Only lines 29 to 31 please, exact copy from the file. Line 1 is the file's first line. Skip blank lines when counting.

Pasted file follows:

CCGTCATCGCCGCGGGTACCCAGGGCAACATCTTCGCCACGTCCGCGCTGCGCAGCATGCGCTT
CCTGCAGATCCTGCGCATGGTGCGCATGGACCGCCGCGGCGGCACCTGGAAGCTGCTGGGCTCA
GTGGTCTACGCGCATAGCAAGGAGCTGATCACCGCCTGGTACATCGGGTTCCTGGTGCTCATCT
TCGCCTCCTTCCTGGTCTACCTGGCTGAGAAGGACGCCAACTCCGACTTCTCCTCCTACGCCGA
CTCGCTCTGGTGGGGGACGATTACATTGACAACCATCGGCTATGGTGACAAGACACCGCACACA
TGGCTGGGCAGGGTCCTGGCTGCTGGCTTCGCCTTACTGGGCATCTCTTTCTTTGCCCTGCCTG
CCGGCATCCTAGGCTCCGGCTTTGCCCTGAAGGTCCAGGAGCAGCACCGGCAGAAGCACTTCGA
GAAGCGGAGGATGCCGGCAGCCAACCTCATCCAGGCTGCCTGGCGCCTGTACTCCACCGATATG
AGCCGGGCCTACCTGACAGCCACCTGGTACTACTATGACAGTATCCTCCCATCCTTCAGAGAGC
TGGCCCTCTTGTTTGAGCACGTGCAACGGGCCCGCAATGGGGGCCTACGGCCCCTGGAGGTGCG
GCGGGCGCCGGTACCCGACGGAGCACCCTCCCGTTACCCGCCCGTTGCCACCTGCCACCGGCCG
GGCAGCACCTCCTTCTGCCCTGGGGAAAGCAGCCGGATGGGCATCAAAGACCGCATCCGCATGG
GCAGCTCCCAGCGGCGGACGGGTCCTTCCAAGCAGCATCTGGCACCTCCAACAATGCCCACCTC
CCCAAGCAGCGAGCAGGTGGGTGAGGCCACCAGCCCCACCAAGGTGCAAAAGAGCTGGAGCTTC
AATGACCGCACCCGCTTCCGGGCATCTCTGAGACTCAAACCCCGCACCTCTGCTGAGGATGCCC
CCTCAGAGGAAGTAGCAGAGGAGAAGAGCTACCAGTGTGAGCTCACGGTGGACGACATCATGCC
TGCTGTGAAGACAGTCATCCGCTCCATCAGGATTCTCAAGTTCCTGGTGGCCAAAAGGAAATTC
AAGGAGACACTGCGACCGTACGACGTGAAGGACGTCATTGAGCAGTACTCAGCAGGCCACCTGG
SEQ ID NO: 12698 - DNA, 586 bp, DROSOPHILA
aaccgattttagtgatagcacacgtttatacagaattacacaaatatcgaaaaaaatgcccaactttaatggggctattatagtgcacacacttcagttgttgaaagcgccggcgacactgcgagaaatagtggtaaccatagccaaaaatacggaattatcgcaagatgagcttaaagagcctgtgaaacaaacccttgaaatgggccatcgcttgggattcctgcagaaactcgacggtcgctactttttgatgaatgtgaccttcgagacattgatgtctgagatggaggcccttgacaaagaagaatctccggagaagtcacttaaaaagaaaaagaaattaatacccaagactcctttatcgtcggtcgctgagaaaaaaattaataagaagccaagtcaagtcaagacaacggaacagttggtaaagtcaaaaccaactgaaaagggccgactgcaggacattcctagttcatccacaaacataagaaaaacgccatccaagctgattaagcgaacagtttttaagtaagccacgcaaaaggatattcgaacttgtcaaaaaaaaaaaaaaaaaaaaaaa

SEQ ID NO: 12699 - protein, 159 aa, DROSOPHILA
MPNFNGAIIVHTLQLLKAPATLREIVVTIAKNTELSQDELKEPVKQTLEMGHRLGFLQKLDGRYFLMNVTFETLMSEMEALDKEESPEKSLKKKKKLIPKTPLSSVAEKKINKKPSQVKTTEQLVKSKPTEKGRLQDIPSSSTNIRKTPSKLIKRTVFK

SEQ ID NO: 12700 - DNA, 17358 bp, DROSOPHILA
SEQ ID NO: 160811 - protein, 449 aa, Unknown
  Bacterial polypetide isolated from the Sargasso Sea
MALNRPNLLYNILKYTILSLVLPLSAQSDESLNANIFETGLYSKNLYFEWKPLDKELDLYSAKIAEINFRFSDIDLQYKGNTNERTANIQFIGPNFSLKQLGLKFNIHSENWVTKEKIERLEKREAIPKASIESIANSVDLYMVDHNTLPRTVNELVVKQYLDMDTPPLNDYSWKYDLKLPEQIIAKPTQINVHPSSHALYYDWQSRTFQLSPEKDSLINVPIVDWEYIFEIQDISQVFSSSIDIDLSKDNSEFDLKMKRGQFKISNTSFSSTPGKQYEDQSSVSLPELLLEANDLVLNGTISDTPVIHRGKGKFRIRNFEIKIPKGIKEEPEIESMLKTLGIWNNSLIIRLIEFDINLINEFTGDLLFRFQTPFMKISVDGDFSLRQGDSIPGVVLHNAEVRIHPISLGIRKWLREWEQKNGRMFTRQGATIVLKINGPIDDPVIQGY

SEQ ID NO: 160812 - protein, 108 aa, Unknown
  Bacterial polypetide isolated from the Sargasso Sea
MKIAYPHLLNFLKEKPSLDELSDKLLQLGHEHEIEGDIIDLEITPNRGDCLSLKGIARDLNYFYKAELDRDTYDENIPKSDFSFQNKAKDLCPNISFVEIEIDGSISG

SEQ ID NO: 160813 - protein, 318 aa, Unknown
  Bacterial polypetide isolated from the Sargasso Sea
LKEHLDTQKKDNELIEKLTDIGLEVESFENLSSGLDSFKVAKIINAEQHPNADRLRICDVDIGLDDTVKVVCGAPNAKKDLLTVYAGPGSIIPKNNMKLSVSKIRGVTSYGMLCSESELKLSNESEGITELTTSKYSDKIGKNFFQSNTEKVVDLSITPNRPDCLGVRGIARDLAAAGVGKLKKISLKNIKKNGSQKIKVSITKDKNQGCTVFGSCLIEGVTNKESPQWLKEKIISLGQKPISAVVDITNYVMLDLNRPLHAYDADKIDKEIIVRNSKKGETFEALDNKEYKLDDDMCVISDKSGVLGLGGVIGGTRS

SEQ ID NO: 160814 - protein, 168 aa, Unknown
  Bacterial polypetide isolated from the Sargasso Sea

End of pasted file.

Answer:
MKIAYPHLLNFLKEKPSLDELSDKLLQLGHEHEIEGDIIDLEITPNRGDCLSLKGIARDLNYFYKAELDRDTYDENIPKSDFSFQNKAKDLCPNISFVEIEIDGSISG

SEQ ID NO: 160813 - protein, 318 aa, Unknown
  Bacterial polypetide isolated from the Sargasso Sea